“An Enforced Secularism” — A Threat to the Pulpit

“An Enforced Secularism” — A Threat to the Pulpit

R. Albert Mohler, Jr.
September 7, 2007

The Church of England has issued an unusual statement expressing its concern that a proposed anti-discrimination law could lead to legal action against churches and Christians who uphold biblical standards of sexual morality.

As reported in today’s edition of The Telegraph [London]:

Church leaders expressed fears last night that Christians could be sued under proposed new laws to protect gays from harassment.

The Government is proposing to introduce the laws to protect individuals from hostile or humiliating “environments” as part of an overhaul of discrimination legislation. But Christian lawyers and the Church of England warned that Christians could face legal action if they offended gays by expressing the traditional teaching that homosexual sex was immoral.

As the paper explains, the proposed law could allow homosexuals to sue if they heard a sermon that declared homosexuality to be sinful. A homosexual might also sue if denied membership in a church and felt they had been put in a “humiliating position.”

In its submission to Parliament, the Church of England also argued that any legislation in this area must respect the right of individual Christians — not only pastors and other ministers — to live according to their Christian faith. Similarly, Christian schools must be able to teach in accordance with Christian conviction and principles.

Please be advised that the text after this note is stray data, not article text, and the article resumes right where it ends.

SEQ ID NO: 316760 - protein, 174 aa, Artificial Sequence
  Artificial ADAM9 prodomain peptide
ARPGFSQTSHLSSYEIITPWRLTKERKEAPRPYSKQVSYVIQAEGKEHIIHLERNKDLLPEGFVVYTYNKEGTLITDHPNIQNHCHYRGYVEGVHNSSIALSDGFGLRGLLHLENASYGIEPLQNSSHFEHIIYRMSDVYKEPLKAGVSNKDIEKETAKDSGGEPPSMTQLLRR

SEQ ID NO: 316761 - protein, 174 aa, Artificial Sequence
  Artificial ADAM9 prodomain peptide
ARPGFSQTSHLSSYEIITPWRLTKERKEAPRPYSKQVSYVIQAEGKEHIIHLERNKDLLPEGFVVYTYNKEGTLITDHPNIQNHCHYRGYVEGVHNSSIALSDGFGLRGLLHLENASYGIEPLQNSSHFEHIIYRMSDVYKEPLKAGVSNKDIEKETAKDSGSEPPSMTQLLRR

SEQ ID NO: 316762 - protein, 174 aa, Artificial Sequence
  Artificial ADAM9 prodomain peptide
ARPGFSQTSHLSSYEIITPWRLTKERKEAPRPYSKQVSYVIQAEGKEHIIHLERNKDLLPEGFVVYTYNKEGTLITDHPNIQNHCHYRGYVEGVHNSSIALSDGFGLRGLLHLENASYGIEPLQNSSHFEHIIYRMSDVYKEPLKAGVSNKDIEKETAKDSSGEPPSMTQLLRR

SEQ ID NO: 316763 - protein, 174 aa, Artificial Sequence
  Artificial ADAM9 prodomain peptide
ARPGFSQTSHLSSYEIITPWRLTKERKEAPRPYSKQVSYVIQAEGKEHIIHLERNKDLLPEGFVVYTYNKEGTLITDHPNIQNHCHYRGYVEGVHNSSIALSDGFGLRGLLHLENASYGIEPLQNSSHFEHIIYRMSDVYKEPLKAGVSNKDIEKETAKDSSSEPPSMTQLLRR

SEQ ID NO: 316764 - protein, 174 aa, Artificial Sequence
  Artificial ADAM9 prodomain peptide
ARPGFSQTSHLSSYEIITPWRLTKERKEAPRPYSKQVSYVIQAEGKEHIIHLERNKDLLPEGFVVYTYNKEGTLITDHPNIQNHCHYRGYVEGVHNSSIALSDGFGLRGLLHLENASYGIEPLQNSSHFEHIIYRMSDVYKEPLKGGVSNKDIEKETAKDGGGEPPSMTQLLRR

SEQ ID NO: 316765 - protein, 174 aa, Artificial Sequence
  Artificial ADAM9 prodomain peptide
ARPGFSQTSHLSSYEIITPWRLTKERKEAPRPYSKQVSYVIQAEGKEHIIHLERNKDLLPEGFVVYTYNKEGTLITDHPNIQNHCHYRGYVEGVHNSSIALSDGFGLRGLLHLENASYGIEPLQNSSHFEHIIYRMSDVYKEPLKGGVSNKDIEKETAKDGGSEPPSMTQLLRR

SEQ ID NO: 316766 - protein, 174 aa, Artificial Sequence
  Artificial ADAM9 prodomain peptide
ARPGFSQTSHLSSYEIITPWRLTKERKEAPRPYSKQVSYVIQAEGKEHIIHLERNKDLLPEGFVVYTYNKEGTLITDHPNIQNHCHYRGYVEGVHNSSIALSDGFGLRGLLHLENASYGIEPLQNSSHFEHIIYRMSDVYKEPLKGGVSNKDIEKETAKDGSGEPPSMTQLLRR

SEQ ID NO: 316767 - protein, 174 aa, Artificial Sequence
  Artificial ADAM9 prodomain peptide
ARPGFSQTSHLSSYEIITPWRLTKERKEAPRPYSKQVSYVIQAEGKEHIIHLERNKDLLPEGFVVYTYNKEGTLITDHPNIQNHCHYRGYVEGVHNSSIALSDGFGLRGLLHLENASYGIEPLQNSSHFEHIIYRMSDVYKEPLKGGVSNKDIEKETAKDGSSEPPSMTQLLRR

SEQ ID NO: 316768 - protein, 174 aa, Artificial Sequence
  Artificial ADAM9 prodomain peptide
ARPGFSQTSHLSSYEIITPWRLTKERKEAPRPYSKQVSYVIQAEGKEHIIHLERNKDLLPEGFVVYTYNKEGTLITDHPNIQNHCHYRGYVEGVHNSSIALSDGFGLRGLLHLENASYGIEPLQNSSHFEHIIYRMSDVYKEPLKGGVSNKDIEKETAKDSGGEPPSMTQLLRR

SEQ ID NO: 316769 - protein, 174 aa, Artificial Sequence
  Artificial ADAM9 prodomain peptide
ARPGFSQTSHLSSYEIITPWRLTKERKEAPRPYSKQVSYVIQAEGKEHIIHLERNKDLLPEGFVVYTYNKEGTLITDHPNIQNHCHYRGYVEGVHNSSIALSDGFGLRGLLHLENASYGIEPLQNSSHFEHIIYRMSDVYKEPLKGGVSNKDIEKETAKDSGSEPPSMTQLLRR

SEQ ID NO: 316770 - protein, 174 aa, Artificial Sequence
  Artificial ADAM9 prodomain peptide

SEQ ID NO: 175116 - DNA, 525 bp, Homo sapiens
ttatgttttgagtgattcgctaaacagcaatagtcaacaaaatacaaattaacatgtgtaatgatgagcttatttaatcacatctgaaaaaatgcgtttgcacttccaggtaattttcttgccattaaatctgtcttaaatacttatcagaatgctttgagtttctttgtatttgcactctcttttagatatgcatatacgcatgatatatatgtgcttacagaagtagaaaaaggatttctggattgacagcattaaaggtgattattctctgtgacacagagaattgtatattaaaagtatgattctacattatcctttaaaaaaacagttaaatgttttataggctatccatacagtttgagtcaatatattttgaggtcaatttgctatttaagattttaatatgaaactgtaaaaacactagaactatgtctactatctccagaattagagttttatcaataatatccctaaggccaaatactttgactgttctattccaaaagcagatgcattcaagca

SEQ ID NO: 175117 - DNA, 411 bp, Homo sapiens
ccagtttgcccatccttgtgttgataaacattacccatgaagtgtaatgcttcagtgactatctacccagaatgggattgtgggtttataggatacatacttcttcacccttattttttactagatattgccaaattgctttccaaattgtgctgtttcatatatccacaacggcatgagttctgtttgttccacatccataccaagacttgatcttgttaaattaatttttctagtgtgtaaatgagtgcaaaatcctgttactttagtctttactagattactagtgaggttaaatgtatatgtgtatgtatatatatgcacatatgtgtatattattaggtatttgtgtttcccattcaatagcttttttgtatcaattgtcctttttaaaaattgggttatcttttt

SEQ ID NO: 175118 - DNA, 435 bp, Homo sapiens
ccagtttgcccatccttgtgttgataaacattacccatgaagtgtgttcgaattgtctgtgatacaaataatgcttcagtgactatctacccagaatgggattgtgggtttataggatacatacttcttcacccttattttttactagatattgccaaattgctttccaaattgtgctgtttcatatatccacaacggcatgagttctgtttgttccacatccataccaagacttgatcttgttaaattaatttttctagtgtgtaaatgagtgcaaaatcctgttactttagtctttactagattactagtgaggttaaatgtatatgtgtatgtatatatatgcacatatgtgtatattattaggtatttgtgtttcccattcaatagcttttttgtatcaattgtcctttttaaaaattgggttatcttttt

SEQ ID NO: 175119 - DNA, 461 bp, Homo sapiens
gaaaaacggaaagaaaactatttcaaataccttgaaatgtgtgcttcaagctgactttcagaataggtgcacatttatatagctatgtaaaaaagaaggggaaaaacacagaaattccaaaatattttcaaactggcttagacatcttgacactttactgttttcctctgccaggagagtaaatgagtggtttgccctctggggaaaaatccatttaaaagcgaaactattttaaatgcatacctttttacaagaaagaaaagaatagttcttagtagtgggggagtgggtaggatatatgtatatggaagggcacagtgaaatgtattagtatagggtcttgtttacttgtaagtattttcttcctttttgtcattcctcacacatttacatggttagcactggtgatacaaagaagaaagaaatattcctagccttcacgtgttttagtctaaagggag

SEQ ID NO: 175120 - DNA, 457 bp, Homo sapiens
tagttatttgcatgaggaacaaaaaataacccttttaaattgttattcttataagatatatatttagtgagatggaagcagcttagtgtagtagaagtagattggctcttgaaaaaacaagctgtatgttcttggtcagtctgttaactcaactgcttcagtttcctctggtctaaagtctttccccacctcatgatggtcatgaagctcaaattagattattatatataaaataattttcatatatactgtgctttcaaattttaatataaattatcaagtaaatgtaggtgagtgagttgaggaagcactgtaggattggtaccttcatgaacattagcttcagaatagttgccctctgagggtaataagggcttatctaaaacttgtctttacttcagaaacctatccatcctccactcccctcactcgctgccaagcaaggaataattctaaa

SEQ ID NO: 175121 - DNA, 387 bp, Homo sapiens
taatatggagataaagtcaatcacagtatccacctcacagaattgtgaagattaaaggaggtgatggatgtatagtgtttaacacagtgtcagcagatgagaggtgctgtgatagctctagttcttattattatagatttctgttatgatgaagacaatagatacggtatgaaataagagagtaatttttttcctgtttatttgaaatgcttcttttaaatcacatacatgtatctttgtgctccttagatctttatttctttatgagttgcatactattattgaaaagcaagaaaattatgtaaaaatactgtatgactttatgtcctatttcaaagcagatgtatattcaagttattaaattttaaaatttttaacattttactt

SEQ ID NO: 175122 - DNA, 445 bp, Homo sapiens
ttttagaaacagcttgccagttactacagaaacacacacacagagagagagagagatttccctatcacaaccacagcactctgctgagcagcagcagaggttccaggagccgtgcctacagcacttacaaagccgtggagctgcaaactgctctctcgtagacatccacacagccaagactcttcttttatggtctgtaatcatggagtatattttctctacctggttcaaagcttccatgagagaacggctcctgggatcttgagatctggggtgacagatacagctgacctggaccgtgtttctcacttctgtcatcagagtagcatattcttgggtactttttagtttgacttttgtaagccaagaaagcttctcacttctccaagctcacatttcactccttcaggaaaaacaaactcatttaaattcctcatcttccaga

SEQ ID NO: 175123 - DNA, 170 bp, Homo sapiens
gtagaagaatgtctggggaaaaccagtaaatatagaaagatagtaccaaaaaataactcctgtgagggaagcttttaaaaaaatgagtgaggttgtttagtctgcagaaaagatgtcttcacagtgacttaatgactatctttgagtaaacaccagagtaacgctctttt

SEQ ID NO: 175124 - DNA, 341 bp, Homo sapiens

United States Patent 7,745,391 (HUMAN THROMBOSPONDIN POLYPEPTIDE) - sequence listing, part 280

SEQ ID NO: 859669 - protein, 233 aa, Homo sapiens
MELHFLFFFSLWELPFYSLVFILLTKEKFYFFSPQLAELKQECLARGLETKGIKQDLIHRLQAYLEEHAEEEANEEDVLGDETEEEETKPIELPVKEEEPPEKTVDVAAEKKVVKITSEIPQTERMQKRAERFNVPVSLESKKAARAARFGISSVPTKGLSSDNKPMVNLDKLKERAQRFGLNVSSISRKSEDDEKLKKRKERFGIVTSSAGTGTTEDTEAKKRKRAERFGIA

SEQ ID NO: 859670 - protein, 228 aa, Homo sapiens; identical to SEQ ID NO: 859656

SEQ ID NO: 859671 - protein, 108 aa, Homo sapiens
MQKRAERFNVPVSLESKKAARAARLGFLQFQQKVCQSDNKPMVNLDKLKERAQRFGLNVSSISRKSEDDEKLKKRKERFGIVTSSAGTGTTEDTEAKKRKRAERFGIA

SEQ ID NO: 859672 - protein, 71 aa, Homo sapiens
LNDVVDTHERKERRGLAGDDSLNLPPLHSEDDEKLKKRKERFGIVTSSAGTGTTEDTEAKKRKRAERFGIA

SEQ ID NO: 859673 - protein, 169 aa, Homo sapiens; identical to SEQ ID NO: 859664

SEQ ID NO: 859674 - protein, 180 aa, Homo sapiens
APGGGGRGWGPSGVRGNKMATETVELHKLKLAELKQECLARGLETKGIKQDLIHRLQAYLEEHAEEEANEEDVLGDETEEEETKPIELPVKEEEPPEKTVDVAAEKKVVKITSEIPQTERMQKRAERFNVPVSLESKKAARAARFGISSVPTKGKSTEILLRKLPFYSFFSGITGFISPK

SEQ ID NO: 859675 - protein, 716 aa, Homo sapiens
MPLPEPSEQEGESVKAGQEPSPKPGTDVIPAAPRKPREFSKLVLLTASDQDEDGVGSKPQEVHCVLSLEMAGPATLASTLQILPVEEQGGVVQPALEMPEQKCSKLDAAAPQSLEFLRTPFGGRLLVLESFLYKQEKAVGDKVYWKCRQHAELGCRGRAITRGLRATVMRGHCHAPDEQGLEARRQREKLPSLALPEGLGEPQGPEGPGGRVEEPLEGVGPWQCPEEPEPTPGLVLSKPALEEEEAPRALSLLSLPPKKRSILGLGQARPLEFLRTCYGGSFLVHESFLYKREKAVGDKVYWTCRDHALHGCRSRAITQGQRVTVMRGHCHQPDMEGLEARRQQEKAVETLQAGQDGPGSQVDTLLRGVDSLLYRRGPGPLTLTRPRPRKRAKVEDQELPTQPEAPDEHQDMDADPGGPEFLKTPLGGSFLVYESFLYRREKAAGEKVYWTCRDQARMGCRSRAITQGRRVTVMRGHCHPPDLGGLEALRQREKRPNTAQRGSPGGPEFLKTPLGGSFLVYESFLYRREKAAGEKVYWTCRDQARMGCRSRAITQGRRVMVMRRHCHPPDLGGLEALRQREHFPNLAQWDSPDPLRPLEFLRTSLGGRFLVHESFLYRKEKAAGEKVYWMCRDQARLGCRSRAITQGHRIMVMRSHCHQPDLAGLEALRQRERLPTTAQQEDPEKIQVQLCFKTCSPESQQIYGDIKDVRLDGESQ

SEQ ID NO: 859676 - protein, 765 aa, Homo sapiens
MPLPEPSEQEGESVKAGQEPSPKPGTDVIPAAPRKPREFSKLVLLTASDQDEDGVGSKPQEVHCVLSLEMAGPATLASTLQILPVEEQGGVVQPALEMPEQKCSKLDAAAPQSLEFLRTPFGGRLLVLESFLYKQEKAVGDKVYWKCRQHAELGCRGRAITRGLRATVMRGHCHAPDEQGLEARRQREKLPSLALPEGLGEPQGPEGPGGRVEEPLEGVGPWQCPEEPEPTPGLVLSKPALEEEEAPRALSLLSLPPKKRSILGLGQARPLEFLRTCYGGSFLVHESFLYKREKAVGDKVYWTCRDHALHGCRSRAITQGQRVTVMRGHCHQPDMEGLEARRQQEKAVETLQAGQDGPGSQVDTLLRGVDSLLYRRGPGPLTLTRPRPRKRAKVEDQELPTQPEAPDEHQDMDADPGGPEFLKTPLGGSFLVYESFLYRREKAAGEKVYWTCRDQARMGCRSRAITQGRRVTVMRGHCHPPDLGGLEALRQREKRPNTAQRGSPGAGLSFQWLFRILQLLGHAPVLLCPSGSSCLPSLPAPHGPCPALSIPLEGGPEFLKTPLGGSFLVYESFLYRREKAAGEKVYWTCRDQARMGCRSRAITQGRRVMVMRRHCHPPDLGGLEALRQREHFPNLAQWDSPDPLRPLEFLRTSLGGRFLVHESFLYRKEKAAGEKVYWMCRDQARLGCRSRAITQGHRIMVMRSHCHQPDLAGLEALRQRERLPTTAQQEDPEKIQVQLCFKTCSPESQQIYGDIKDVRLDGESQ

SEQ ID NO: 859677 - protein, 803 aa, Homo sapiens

Government plans to extend the same harassment laws to religion and belief were also criticised.

The Church said it could lead to people objecting to religious symbols such as crosses on hospital walls on the grounds that they were an affront to atheists.

It added that the proposals were in danger of undermining religious freedom.

“We have been concerned at what has seemed in some recent debates to be a trend towards regarding religion and belief as deserving of a lesser priority in discrimination legislation than the other strands where the law seeks to bring protection,” it said.

Religion and belief seemed to be treated as subordinate to other rights because they were deemed to be a personal choice, but this was “a false analysis”, it continued.

As the church’s statement concluded: “This does not amount to, or achieve, equal respect for different religious groups and those of no religion; rather it amounts to an enforced secularism that fails to respect religious belief at all.”

This kind of head-on collision occurs when anti-discrimination laws include sexual orientation and behavioral issues. This is where the inevitable collision occurs — when religious liberty is sacrified on the altar of political correctness. This is what the Church of England sees when it speaks of “a trend towards regarding religion and belief as deserving of a lesser priority in discrimination legislation.”

Religious liberty is meaningless if the pulpit is not free to preach the Word of God, if churches cannot determine their own membership, and if Christians are silenced in their Christian testimony.


The full text of the Church of England’s statement can be read here.

R. Albert Mohler, Jr.

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